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Saturday, July 5, 2014

Artistic Topographical Patterns Found on Earth’s Surface, Using Google Earth

As reported by WiredIn the early days of photography, getting an aerial shot of a landscape meant attaching a camera, with a timer, to a balloon. That’s no longer necessary. These days, a bird’s eye view of the entire world is available, free of charge, through Google Earth’s satellite images. It’s a seemingly bottomless well of content that’s practically spawned a new art movement: Google Earth images have already exhibited at The Metropolitan Museum of Art, and inspired a designer to launch a line of bespoke, topographical carpets.



Sequin farms - Saudi Arabia


Kau Nature Reserve, Australia


Castro Marim, Portugal


Huelva, Spain


Huelva, Spain


Quinta da Ria Golf Course, Portugal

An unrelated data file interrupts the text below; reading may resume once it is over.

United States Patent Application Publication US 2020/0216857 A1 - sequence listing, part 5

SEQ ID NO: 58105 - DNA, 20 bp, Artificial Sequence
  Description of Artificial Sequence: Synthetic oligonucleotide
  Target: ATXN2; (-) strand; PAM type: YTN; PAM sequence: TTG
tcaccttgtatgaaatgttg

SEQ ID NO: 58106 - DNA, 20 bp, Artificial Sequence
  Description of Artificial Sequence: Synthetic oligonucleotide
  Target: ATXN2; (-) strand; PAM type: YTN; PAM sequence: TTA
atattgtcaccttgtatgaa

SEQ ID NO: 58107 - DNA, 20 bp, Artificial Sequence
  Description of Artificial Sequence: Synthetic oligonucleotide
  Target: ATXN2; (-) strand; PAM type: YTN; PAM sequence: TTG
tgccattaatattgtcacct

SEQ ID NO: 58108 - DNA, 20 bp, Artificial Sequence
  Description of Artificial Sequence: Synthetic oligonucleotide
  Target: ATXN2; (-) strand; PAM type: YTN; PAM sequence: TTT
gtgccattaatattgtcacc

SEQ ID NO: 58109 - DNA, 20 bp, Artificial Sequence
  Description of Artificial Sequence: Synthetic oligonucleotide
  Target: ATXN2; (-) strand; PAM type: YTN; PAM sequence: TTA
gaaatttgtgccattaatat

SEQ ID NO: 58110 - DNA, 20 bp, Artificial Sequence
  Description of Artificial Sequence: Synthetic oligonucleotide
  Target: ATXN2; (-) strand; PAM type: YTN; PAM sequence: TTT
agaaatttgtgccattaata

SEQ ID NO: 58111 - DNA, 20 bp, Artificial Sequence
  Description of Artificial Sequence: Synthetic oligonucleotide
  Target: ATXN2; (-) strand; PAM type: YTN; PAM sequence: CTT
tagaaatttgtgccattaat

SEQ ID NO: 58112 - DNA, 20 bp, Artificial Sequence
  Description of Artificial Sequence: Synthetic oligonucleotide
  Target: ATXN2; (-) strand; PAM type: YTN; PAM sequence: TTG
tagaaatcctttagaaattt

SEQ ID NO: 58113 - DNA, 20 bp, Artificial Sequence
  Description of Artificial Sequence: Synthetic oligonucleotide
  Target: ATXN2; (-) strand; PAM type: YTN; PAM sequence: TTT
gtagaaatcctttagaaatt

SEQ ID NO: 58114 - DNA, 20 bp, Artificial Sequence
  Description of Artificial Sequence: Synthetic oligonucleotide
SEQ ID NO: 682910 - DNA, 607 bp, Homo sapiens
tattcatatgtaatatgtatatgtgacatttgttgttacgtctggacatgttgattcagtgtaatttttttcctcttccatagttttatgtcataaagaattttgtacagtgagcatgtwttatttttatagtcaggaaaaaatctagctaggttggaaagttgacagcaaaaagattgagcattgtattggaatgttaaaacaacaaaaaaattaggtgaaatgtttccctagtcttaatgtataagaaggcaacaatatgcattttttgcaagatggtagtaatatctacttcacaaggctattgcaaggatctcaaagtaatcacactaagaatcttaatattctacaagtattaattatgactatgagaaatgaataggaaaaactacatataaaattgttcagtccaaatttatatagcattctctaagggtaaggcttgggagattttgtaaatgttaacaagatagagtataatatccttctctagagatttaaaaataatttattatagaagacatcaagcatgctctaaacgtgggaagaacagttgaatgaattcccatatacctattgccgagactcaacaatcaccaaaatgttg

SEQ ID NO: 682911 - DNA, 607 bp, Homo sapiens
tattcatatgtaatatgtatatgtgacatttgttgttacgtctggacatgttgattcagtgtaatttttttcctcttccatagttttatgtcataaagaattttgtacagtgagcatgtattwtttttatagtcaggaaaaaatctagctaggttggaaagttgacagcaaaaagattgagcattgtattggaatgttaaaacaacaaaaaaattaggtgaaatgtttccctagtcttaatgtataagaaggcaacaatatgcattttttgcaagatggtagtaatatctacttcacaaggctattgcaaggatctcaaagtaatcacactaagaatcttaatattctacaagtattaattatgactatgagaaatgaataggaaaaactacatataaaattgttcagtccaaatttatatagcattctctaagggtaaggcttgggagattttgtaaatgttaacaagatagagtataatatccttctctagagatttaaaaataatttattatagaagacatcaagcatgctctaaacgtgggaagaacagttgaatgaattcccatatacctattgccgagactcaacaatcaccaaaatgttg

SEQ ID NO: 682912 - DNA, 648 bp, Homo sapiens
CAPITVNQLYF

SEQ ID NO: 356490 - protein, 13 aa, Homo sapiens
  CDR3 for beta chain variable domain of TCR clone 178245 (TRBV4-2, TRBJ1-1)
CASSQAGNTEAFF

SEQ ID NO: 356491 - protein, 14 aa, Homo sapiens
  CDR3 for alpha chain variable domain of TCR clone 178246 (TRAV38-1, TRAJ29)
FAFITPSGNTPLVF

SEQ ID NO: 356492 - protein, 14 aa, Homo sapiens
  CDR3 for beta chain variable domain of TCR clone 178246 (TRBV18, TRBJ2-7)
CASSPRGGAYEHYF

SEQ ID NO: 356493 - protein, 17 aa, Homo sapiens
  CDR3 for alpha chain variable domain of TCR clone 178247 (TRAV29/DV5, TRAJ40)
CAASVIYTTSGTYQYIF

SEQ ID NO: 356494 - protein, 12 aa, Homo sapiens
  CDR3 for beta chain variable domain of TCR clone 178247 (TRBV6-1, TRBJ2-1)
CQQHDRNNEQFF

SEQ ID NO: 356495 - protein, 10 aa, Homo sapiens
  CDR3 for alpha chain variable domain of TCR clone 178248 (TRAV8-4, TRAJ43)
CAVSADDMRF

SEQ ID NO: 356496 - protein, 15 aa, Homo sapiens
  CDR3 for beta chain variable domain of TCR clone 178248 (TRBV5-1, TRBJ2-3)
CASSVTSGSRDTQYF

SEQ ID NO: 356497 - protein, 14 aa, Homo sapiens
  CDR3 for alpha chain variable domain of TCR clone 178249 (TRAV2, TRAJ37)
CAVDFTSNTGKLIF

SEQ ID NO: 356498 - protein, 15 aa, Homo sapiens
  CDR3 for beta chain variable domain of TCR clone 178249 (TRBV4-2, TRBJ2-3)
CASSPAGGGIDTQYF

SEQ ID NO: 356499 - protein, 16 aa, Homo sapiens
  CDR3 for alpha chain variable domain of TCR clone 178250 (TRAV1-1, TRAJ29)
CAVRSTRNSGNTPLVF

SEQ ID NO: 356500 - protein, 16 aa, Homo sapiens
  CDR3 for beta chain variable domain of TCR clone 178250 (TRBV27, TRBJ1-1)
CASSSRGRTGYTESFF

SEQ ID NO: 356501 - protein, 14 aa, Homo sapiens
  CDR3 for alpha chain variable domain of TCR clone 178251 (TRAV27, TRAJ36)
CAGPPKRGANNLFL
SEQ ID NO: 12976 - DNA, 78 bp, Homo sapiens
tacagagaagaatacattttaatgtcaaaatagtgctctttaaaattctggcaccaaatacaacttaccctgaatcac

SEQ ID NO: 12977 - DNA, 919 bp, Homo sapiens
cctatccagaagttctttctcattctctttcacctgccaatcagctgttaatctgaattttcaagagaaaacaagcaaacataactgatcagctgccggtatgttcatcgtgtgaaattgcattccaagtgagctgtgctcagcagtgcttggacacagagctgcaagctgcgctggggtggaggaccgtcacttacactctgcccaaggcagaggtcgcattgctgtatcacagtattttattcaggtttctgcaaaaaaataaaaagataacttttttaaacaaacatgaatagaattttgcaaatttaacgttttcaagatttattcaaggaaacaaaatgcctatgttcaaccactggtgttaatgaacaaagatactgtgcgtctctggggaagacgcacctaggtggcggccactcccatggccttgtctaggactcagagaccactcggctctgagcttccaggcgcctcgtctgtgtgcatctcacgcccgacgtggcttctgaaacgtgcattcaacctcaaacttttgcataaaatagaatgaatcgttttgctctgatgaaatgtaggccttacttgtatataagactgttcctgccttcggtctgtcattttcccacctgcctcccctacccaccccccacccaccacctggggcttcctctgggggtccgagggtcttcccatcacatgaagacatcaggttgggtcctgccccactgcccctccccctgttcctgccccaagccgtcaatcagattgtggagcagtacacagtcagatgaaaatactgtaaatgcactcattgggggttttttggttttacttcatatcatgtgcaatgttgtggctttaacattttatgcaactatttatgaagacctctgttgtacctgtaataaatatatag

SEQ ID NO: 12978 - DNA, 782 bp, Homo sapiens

Santa Cruz, Argentina


Loncopué, Neuquén, Argentina

Portimão, Portugal


Guayaquil, Ecuador


Solar farms


Escher farms - Ankara Turkey


Iran

Austbo, Norway


Iran


Iran


Ashoro-Gun Hokkaido, Japan


Villarino - Buenos Aires



One such body of work is Lauren Manning’s Tumblr, Earth Patterns, where she documents some of the most breathtaking swatches of the earth’s surface. “Anytime I’d use Google Maps functionally—looking up where something was or how to get somewhere—I’d end up spending much longer than I’d intended just looking around at how amazing everything looks from above,” Manning says of her passion project. (She works for digital agency Code and Theory by day.)
Texas Gulf Potash Pond in Monticello, Utah. Google Earth 
Manning says she’s taken a couple hundred screen grabs—all on her iPad, where the retina display allows for big, clear images—and posted about 100 of those to Earth Patterns. The diversity in texture is stunning: some shots look like needlepoint, others look like Rothkos. In the deserts, the foliage and the housing are in plain sight, like dollhouse replicas of day-to-day life. And other shots—like the electric blue Texas Gulf Potash Pond in Monticello, Utah—look almost supernatural.

Manning says she would like to someday offer the screenshots as prints or postcards, but for the time being, she’ll continue to collate images on Earth Patterns.